For your next article writing session, channel your best customer service skills by putting your reader before your own interests. Provide value with compelling, quality, original content that creates a positive experience. In turn, you will build your readers’ trust, enhance your brand, and increase the likelihood you’ll be seen by unique and returning visitors.

Promotional content can bring your article writing efforts to a stand-still and leave you with a bad reputation. For the top 5 tips to safely steer clear of promotional content in your articles, watch this video.

21 Comments »


1
Jeff Herring writes:

Thanks Penny – The sad thing is that the folks that get promotional in their articles achieve the exact opposite result from what they want…

Marc – I watched the video and almost had a cow when you said to “steer” clear….

~ Jeff

Comment provided August 20, 2012 at 9:47 AM

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2

This a really clear explanation of the difference between promoting or offering value and education, showing true interest in your clients and customers.

Comment provided August 20, 2012 at 10:21 AM

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Jeff Herring writes:

Good points Erica – how’s biz?

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Business has been good online. I’m in the 3rd week of teaching an online “Boost Your Blog” class. The attendees knew the other presenter or myself before signing up. It’s another reminder that people need to know, like and trust you. They don’t just come out of the blue because of some hype.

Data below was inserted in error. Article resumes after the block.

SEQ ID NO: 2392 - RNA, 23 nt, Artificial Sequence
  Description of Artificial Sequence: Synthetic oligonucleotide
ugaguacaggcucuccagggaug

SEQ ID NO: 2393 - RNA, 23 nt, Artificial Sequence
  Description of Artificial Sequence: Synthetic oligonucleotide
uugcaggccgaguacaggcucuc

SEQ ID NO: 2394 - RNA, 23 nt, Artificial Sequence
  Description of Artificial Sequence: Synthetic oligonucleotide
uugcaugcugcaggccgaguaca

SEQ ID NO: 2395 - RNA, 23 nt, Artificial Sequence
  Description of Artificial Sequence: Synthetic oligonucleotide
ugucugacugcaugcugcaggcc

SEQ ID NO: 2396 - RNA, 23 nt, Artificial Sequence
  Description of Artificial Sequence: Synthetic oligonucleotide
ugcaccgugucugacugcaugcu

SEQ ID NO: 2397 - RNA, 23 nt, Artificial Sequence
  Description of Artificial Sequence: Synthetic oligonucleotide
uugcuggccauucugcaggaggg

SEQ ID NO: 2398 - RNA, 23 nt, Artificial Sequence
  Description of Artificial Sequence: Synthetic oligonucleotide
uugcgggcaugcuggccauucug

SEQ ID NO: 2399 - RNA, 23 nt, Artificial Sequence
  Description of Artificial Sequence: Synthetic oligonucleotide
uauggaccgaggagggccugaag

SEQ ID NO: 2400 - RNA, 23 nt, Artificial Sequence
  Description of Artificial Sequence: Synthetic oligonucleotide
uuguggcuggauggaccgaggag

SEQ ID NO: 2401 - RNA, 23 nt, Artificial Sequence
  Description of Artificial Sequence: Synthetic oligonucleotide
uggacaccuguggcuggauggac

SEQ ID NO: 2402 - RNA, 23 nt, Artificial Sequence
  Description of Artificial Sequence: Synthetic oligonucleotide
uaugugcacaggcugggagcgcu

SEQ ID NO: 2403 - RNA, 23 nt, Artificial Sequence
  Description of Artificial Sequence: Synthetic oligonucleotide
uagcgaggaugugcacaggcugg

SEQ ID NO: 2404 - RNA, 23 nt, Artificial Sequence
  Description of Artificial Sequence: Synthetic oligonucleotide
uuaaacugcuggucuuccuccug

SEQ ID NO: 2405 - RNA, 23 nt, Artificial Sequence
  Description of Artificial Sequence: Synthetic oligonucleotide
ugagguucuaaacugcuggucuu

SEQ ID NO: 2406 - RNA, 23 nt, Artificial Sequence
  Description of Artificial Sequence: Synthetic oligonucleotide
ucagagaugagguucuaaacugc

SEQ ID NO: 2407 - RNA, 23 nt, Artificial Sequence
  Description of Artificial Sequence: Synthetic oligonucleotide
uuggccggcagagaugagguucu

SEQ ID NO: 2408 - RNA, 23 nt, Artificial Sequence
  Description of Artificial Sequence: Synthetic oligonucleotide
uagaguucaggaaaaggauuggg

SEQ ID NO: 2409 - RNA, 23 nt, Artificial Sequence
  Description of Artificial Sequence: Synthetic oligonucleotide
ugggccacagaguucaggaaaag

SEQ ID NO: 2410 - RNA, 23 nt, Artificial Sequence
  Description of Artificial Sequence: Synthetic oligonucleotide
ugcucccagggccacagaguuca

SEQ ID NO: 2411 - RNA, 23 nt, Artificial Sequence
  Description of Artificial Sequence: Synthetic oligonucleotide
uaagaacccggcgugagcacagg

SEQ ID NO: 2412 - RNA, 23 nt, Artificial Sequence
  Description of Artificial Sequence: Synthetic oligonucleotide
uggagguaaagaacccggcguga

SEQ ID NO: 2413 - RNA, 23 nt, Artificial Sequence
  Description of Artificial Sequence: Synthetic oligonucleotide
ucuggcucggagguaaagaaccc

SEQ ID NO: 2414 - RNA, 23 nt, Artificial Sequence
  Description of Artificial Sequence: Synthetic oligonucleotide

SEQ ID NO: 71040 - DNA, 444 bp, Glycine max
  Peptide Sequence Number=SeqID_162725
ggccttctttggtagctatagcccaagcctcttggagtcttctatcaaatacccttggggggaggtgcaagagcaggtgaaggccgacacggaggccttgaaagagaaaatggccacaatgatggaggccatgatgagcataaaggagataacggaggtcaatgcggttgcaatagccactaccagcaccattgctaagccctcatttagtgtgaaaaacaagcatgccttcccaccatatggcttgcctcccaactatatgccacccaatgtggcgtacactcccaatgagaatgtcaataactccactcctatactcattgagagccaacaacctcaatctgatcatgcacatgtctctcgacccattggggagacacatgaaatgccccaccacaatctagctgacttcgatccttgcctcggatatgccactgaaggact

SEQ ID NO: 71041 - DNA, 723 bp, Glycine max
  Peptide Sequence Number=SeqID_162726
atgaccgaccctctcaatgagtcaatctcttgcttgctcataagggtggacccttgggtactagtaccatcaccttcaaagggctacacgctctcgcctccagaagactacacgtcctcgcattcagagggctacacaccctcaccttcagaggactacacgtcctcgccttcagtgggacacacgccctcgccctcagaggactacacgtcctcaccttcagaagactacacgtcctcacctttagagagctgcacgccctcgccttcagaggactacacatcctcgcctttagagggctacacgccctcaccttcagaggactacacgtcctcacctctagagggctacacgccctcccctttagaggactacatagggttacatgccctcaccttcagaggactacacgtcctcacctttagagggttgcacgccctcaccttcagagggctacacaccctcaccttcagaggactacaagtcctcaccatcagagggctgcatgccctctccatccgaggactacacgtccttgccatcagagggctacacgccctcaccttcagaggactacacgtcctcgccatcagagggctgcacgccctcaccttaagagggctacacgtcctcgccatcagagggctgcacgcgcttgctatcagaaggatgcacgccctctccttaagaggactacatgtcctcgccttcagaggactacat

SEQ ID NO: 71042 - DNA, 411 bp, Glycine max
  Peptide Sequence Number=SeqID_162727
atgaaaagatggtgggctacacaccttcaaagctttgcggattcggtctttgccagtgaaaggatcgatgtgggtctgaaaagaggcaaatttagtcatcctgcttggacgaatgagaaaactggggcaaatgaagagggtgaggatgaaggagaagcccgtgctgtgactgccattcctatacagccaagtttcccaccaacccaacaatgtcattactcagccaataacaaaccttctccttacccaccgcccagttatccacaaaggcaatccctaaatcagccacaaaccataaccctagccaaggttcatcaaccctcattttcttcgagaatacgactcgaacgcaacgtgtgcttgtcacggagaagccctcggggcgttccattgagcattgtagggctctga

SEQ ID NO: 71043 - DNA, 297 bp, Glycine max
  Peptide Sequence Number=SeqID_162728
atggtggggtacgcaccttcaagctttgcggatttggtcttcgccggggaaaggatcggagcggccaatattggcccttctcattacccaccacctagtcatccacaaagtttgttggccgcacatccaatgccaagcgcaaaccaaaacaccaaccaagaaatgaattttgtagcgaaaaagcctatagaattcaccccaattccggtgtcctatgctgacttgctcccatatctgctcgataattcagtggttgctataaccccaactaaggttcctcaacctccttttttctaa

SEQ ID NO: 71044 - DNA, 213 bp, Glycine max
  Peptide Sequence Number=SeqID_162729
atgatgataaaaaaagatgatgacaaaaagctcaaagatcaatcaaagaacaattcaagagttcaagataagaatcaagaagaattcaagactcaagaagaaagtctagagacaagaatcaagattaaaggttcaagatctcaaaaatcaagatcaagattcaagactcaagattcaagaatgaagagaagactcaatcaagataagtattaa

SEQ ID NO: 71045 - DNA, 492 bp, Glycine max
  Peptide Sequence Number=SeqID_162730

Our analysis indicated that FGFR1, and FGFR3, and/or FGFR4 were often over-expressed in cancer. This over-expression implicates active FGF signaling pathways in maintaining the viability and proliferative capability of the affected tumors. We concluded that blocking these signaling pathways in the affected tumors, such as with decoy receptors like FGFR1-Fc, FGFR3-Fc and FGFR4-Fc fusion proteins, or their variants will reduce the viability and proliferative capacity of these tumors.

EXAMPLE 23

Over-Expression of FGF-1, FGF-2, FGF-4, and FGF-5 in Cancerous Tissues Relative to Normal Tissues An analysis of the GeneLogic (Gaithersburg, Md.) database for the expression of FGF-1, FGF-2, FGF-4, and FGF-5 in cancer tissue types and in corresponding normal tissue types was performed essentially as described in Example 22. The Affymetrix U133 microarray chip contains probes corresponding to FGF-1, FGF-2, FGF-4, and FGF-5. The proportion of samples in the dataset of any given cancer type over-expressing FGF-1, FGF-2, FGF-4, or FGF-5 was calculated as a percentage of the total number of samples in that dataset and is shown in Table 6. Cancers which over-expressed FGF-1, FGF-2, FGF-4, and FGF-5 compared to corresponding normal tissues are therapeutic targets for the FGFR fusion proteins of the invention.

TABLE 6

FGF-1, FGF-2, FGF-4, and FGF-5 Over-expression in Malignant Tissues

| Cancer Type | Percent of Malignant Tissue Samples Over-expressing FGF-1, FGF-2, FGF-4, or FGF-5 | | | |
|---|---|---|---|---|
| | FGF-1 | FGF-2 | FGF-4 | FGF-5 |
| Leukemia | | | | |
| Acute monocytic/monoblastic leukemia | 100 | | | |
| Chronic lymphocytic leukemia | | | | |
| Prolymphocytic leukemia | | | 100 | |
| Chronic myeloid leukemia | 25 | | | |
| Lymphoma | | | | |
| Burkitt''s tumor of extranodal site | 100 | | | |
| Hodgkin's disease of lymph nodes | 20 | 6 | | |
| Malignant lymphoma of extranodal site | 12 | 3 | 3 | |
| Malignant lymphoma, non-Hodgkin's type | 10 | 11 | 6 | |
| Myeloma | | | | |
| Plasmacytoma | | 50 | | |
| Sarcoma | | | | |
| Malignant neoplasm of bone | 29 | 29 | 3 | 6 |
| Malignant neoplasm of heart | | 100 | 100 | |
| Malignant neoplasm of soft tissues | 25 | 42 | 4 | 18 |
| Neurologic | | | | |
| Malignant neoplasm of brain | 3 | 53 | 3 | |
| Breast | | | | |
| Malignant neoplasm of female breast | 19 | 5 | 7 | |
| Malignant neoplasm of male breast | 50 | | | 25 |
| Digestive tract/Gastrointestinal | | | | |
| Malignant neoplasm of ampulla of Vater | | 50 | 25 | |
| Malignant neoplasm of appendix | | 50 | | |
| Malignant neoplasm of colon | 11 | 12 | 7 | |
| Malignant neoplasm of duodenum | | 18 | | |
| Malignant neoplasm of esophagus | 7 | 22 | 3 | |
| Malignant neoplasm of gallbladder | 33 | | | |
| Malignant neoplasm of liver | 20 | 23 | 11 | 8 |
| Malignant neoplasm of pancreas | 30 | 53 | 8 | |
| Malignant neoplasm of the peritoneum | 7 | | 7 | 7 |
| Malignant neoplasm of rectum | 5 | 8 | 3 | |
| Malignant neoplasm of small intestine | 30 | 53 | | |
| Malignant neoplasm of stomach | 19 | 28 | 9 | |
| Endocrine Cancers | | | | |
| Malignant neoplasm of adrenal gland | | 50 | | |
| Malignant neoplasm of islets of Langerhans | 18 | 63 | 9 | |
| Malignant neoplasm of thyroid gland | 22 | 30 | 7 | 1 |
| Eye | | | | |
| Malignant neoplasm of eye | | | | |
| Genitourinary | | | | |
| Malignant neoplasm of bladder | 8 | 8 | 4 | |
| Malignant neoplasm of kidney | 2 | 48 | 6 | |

Also, when I provide education and information that my potential clients and customers are seeking, then they are more inclined to contact me directly for my services.

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3
Daniel Hazard writes:

This is an excellent description of real content marketing vs. a sales pitch. Now, if you purchase my content marketing package for just $49.99… just kidding! I hate that kind of marketing and it turns me off instantly.

Comment provided August 20, 2012 at 12:10 PM

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4
Rahman Mehraby writes:

Thank you Penny. That was a helpful post. I’ve got a question for you:

Imagine you have a business website with a blog in it. At your blog,you publish posts providing information about your industry, services, etc. Will it be wise to carefully make a link and introduce your service from within your blog post? Or you prefer to say nothing at all inside that post and inspire your reader to surf around your website to find your service page?

Comment provided August 20, 2012 at 12:55 PM

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Hi Rahman,